‘Tutor proof’ tests: The failed experiment

This week, education secretary Justine Greening repeated the government’s line that entrance exams to the planned new grammar schools could be made ‘tutor proof’. Perhaps she hopes that if she repeats the phrase ‘tutor proof’ often enough, the pipe dream will become a reality. In the meantime, she may like to look at what the evidence shows.

In 2013, the introduction of the so-called ‘tutor proof’ 11-plus test in Bucks presented a unique opportunity to look at whether or not an aptitude test can assess ability in isolation from background. The test was developed by the Centre for Evaluation and Monitoring at Durham University – apparently leaders in this field. If anyone could find the holy grail of the tutor proof test, they could.

So Local Equal Excellent set about using freedom of information requests to collect data on how outcomes for Bucks children were changing under the new test. Except, the figures we collected quickly showed that nothing was changing at all – and for some children things were getting worse.

Because prep (private) schools in Bucks provide intensive 11-plus test preparation, and because paying for tutoring requires a higher income, any test that is resistant to coaching should eliminate these advantages. So we looked at four specific changes that we would expect to see:

Improved pass rates for state school children

The pass rate for Bucks state school pupils decreased from 23% to 20% in the first year of the new 11-plus test. In each subsequent year, the gap between the pass rate for Bucks state school pupils and the overall pass rate has got bigger.

Lower pass rates for children at private schools

The pass rate for private school children was 56% in 2012. In 2016, after three years of the new test, it had risen to 60%. This means that a child from a Bucks private school is nearly three times more likely to pass the ‘tutor proof’ 11-plus test than a child from a Bucks state primary school.

Lower pass rates for children from more affluent homes

There has continued to be a considerable difference in the pass rates for children from the most and least well-off areas of Bucks. In all three years of the new test, a child from Chiltern District was at least twice as likely to pass the exam than a child from Aylesbury Vale District.

Higher pass rates for children on Free School Meals

In 2014, of the 276 children on free school meals who sat the new 11-plus test, just 10 passed – a shockingly low pass rate of 4% compared to the average that year of 30%. Or to put it another way, a child from a private school was over thirteen times more likely to pass the new ‘tutor proof’ test than a child on free school meals.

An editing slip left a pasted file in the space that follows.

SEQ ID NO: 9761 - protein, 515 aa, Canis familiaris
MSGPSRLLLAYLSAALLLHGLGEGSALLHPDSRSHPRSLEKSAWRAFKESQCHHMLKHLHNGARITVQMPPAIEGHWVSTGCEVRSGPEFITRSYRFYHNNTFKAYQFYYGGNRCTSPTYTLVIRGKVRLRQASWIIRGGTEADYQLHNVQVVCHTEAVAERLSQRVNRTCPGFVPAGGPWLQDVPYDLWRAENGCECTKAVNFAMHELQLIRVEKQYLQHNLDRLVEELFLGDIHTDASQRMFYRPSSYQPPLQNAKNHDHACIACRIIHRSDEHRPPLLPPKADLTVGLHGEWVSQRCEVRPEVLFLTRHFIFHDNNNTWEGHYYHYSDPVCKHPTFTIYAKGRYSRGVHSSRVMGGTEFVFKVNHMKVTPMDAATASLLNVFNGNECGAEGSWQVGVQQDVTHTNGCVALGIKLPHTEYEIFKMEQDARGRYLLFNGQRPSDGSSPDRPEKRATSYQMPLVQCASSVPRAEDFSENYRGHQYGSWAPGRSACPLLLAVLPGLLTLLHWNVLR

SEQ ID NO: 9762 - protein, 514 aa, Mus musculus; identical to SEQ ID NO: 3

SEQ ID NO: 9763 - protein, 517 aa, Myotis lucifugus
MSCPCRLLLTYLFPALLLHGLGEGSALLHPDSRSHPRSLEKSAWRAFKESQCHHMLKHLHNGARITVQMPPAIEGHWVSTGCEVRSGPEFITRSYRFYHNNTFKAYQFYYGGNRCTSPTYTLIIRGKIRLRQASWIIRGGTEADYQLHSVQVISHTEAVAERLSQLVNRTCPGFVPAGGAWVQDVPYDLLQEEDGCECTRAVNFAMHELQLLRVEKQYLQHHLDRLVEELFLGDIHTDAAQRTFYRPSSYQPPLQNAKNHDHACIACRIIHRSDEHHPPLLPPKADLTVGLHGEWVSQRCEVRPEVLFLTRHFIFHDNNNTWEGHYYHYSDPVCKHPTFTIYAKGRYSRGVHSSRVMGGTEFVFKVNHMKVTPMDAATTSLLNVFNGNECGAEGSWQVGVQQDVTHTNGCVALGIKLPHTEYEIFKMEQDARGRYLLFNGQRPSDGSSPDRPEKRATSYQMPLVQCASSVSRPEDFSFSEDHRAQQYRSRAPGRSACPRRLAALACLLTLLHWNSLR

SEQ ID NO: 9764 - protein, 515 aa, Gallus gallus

(After 2014, the grammar schools in Bucks decided to stop collecting data on pass rates for children on FSM.)

 

So CEM’s new 11-plus test has failed against all key measures of fairness. Far from being ‘tutor proof’, it is faithfully reproducing all the social and educational inequalities that emerge in the first ten years of a child’s life.

If anything the new test seems to be conferring even more of an advantage on children from certain backgrounds – which would suggest it is even more coachable than the previous test, or that more middle-class parents are investing in coaching than ever before. The vast tutoring industry in Bucks is booming under the new test, allowing children from better-off homes to continue to come out on top.

The credibility of selective education turns on the ability of the 11-plus test to accurately identify children with greater aptitude. The evidence from Bucks not only shows that it does not, but also indicates that it cannot – not even with the best efforts of a so-called market leader in test development.

As a result of our challenges to CEM, they have now withdrawn their online brochure claiming that their 11-plus test assesses ‘natural ability’. Perhaps more surprisingly they have even conceded that they have no evidence that their test is in fact resistant to coaching. In a recent email they stated, “Without extensive and expensive research, it is not possible to quantify the impact of coaching on the results from our tests.”

The effort to produce a test that was more resistant to coaching was perhaps worthwhile on its own terms. But it has failed, and its failure results in profound unfairness for thousands of Bucks children every year. Ms Greening is constructing a policy on an edifice of empty claims.